Amber Arellano, Detroit News, April 30, 2007
Tomorrow, thousands of immigrants will march across Detroit and other cities for the second year in a row, calling for respect, dignity and a chance to become a U.S. citizen.
Already I can hear the backlash, and it makes me wonder:
If today’s immigrants were from white European countries, would the anti-immigration backlash be so ferocious?
Of course not.
Race and ethnicity make-up the ugly underbelly of the immigration debate that no one likes to talks about.
Instead, anti-immigrant complainers wrap their arguments around assimilation and citizenship—largely nonissues—when what they’re really upset about is the fact that today’s newcomers are overwhelmingly non-European and brown.
Look at the evidence. Present-day immigrants assimilate at the same rate as previous generations of immigrants, an overwhelming number of studies show.
Second-generation Hispanic Americans speak English as much as other second-generation ethnic groups have. In fact, about 40 percent of U.S. Hispanics don’t even speak espanol.
The same goes for crime. Conventional wisdom says immigration boosts crime rates. The facts say otherwise. Harvard University is just one research center that has found that Mexican-Americans’ violence rate is significantly lower than both non-Hispanic whites and blacks. Many cities with high rates of immigration are actually safer now.
But the right gets immigrants wrong, too. Conservative anti-immigrant forces attack immigrants on untruth grounds, because it’s not politically correct to attack them for being brown folks coming mainly from Latin America and Asia.
Think about it: If the thousands of new immigrants were from Ireland or Germany, would Ku Klux Klan activists be using immigration to successfully recruit new members?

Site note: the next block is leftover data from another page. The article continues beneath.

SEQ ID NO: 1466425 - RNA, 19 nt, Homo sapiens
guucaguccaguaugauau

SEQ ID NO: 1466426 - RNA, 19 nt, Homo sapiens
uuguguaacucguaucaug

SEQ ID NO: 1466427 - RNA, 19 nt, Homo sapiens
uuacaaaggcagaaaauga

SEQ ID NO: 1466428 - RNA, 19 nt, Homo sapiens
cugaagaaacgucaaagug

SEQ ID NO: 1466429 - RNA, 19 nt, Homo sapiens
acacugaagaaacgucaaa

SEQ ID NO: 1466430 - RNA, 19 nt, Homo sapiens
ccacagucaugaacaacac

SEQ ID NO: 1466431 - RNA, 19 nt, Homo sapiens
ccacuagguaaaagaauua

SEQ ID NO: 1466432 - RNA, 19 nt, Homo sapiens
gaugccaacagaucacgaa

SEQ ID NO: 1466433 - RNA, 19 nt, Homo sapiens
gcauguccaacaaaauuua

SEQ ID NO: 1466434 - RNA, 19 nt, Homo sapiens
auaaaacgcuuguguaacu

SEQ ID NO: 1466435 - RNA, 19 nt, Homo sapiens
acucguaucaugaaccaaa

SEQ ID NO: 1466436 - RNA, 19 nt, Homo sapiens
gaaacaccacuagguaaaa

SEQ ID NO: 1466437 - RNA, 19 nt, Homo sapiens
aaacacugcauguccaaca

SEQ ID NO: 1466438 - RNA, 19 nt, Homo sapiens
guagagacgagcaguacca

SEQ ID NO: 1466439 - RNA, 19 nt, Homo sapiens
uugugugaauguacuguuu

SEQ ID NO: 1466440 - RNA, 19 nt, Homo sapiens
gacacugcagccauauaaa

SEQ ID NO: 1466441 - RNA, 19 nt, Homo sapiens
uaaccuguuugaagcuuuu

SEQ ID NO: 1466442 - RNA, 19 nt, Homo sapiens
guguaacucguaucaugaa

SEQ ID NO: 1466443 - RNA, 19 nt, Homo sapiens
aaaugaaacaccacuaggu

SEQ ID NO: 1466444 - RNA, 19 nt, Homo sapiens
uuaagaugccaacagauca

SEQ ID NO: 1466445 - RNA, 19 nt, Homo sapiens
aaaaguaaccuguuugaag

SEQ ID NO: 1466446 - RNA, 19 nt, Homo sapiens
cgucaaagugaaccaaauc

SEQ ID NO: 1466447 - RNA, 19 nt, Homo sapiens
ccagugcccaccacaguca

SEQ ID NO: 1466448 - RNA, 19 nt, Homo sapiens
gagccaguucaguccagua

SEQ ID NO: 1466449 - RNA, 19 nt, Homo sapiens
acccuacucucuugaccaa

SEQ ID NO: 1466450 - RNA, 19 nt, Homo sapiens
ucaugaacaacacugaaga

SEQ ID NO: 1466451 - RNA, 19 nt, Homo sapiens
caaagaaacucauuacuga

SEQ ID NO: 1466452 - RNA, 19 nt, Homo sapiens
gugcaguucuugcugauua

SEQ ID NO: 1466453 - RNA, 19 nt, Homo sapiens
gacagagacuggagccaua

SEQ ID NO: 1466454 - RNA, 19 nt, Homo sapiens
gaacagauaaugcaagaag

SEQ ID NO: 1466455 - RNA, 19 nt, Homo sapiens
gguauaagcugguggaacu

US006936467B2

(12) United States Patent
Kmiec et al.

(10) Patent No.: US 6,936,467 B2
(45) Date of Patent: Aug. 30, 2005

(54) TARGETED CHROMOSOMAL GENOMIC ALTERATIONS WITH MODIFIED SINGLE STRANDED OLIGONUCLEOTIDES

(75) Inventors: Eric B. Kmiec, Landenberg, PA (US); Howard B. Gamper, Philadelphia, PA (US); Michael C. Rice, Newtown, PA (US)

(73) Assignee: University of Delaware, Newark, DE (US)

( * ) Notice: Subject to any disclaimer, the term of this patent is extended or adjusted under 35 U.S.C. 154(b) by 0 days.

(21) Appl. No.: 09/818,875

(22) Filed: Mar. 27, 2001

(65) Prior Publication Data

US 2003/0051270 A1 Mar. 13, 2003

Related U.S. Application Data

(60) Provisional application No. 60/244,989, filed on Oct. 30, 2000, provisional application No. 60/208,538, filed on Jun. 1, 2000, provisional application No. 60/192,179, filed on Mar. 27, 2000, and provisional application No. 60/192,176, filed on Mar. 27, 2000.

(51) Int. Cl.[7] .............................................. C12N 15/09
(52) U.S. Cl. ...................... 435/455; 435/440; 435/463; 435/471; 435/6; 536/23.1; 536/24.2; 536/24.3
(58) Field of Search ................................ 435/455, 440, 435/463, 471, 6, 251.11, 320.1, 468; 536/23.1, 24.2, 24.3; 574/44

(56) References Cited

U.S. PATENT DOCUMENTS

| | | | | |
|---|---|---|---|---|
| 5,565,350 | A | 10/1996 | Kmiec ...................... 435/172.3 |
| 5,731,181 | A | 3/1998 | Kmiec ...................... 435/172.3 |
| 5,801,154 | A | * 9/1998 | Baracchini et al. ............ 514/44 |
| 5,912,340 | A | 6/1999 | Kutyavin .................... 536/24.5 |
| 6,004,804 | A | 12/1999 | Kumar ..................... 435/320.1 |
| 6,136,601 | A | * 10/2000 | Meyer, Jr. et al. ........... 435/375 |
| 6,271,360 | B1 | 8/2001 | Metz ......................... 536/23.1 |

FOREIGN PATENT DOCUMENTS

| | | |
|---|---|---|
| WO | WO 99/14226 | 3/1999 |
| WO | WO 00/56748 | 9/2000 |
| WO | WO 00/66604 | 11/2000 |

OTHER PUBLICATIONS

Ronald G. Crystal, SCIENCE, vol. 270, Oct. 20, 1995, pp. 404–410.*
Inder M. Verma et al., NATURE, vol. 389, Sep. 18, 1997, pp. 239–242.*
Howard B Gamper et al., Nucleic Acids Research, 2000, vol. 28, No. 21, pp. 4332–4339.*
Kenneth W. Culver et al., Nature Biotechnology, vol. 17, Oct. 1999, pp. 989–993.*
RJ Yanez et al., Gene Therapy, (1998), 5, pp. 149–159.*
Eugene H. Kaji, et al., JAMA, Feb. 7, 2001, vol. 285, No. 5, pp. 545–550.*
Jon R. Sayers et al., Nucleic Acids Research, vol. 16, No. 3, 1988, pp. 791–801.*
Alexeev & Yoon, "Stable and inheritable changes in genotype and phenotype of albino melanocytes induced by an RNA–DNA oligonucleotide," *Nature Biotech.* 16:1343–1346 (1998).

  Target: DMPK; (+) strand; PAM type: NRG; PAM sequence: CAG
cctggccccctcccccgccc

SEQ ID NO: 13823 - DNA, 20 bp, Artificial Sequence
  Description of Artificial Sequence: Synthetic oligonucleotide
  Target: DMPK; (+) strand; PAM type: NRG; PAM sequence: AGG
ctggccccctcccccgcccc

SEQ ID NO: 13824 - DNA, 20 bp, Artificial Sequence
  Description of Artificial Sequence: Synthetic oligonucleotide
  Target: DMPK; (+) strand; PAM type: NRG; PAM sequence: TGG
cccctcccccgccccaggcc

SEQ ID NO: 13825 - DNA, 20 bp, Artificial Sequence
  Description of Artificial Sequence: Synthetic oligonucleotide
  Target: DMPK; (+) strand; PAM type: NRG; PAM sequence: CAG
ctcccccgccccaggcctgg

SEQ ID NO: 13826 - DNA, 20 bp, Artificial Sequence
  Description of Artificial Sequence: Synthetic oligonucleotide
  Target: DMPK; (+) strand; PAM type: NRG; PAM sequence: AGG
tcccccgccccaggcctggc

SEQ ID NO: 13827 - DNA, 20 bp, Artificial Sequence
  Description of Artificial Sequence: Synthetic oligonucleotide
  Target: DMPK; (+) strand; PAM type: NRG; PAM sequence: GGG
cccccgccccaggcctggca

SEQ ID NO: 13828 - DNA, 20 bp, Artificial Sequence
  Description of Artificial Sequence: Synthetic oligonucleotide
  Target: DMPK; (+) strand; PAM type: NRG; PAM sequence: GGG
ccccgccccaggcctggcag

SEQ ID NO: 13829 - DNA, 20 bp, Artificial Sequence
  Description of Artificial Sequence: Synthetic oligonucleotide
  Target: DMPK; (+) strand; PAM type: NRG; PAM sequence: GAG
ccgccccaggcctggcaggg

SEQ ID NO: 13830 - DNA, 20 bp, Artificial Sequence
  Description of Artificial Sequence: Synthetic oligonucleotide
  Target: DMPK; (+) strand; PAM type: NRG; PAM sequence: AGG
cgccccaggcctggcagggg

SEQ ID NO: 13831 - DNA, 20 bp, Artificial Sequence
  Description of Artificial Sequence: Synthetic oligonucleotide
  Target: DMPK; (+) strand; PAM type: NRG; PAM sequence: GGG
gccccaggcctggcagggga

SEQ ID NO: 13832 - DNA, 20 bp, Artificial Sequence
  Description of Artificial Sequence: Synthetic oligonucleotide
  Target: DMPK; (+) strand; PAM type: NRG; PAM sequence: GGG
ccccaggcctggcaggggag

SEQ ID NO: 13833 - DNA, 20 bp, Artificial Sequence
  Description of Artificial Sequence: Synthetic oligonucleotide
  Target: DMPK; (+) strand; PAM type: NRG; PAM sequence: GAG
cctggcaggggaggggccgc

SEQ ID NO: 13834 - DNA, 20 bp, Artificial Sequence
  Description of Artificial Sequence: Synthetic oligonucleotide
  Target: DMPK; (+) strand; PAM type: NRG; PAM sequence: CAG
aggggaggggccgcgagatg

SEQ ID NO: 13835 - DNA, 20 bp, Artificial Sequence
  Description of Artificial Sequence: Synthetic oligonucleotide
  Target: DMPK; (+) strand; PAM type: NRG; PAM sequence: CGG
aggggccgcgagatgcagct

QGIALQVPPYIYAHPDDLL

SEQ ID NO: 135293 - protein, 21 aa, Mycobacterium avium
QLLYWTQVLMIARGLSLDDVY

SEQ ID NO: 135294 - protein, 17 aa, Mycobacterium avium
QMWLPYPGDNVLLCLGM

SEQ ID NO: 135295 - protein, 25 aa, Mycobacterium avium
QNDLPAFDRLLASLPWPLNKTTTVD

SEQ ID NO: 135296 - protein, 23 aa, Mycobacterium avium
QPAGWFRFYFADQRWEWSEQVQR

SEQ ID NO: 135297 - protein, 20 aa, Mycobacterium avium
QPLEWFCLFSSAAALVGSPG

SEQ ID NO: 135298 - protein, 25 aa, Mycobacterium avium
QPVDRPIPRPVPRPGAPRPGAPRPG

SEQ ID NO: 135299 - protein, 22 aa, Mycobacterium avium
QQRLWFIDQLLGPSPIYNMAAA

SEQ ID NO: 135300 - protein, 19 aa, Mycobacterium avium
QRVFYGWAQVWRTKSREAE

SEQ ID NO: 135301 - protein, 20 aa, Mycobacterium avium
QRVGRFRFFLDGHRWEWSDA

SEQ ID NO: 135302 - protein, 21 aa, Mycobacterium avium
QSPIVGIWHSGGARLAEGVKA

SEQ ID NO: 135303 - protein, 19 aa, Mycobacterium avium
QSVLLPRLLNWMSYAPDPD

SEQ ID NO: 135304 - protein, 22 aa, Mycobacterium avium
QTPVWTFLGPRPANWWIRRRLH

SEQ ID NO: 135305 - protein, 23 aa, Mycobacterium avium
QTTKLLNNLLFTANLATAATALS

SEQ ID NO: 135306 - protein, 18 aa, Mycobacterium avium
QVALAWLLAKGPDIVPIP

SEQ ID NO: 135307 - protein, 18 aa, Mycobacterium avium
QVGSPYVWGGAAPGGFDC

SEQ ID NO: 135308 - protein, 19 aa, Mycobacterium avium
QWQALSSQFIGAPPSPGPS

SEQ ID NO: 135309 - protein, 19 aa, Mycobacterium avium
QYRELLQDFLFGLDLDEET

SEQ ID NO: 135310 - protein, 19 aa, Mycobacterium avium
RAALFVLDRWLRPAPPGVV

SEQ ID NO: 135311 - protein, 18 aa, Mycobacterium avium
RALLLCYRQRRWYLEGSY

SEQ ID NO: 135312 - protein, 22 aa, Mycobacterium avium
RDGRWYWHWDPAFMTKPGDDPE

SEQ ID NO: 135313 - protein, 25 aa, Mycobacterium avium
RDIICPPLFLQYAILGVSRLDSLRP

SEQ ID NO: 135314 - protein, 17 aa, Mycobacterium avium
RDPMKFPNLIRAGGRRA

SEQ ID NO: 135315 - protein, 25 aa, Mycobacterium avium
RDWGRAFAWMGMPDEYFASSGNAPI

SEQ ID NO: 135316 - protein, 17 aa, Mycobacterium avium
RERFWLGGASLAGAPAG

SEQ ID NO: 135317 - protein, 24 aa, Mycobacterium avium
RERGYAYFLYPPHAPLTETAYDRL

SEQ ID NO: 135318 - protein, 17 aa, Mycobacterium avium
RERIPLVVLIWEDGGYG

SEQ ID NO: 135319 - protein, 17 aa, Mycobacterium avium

No way. They’d be revitalizing now defunct German-American associations and boosting the ranks of St. Patrick’s Day parades.
This rhetoric is so predictable and utterly untrue, it’s hard to believe people actually still buy it.
The 1911 U.S. government-sponsored Dillingham Commission actually found that “The new immigration as a class is far less intelligent than the old. Generally speaking they are actuated in coming by different ideals, for the old immigration came to be a part of the country, while the new, in a large measure, comes with the intention of profiting, in a pecuniary way, by the superior advantages of the new world and then returning to the old country.”
The report was speaking to the masses of Eastern European, Italian, Irish and other immigrants—our grandparents and great-grandparents—that many native-born Americans found so repulsive.
To be sure, there are legitimate economic concerns over immigration. An unlimited growth in the American labor supply is suspected to have some downward pressure on wages of low-skill earners. The evidence is mixed on this, and it may be too soon for us to know for sure.
Even so, that’s not right. The United States should be doing a lot more to counter immigration with smart policies, such as using more international development tools and applying pressure on U.S. big business to pay maquiladora workers on the Mexican side of the border more so immigrants can earn a decent living wage in their home countries—a typical preference.
Rather, their attacks smack of racism, xenophobia and fear, those all-American qualities that continue to stick with us, along with our higher qualities of valuing liberty, opportunity and open doors to the poor and weary.